Anni Manchi Sakunamule Movie Review


Cast: Santosh Shobhan, Malavika Nair, Rajendra Prasad, Vennela Kishore, and others

Director: Nandini Reddy

Producer: Priyanka Dutt

Banner: Vyjayanthi Movies

Music: Mickey J Meyer

“Anni Manchi Sakunamule,” the latest film from the creators of “Mahanati,” “Jathi Ratnalu,” and “Seeta Ramam,” carries high expectations. The film’s unique promotional strategies have further heightened the anticipation and excitement surrounding it. Now, let’s explore whether Santosh Sobhan can break the spell, and if Nandini Reddy can replicate the success of “Oh Baby!.” Let’s delve into what worked and what didn’t in this regard.


Set in the captivating town of Victoriapuram, which derives its name from Queen Victoria’s historical association with coffee, “Anni Manchi Sakunamule” follows the story of Rishi (Santosh Sobhan) and Arya (Malavika Nair), childhood sweethearts who become separated due to a long-standing legal conflict between their families over a coffee estate.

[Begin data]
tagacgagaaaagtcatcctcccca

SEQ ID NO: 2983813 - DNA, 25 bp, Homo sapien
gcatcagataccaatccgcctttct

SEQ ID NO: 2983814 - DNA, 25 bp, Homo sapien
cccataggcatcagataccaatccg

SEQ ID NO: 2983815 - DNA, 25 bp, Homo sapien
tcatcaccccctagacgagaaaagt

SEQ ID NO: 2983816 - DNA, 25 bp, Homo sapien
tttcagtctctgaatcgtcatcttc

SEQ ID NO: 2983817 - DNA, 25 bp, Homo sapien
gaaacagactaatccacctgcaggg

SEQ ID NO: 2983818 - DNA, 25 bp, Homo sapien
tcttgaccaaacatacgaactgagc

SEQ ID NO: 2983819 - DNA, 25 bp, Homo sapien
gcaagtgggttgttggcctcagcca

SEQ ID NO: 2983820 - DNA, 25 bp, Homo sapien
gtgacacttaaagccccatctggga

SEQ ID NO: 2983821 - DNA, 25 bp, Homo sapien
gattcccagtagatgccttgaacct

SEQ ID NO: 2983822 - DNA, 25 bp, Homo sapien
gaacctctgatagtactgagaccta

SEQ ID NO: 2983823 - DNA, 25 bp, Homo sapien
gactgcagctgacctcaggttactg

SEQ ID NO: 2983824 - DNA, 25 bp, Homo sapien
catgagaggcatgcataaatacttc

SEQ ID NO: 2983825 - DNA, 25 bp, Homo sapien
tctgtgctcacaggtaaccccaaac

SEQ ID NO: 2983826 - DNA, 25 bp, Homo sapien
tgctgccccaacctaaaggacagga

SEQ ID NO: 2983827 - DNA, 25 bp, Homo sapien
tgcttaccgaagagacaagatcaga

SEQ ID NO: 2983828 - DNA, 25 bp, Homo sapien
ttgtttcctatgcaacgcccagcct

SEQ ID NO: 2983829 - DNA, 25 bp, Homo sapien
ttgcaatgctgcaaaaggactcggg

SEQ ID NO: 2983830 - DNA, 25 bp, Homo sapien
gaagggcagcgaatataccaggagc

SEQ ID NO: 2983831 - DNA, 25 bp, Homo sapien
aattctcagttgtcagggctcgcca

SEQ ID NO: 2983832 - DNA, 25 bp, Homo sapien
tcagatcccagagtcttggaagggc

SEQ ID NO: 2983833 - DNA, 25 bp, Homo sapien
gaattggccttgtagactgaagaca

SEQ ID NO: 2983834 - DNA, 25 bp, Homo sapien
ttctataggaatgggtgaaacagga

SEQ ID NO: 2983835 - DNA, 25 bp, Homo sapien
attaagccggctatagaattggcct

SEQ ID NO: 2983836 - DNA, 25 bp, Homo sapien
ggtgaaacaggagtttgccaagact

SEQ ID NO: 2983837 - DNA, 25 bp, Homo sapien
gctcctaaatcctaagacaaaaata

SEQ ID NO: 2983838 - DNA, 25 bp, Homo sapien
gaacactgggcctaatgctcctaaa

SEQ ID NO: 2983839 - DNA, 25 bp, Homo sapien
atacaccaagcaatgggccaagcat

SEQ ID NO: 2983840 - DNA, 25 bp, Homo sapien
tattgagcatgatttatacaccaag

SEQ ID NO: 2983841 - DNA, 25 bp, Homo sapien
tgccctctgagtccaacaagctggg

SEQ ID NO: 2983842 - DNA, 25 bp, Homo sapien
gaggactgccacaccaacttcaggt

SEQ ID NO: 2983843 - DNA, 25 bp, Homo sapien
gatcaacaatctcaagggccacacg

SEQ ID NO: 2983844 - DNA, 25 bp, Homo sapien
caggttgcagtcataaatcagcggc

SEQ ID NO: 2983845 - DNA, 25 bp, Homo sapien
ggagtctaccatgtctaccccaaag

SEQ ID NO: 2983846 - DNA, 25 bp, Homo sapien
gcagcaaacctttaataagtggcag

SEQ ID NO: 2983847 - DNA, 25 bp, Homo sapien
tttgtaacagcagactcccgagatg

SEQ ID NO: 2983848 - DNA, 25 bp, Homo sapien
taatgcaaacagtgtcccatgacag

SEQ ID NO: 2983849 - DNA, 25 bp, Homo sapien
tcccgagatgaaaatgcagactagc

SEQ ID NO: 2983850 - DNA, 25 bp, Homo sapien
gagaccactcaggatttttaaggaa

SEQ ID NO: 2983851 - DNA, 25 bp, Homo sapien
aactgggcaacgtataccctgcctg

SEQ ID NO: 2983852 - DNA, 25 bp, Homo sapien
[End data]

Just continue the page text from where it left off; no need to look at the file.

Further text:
Rishi portrays a carefree and jovial attitude, while Arya shoulders various responsibilities and faces looming deadlines. The film explores their journey of falling in love, the obstacles that come between them, and their efforts to resolve the deep-rooted feud between their families.

Moreover, it uncovers the mysterious connection between Rishi and Arya’s family and the significant ties that bind Arya to Rishi’s family. “Anni Manchi Sakunamule” revolves around these intricate relationships and their impact on the lives of the protagonists.


Santosh Sobhan delivers a nuanced performance as Rishi, portraying a character with peculiar traits. On the surface, he appears unconcerned about others, but deep down, he genuinely cares for the people around him and their problems. Despite being an “average” guy, he manages to be intriguing and serves as a troubleshooter in various situations.

Malavika Nair shines in the author-backed role of Arya, whose characterization revolves around financial planning and assuming her family responsibilities, setting her apart.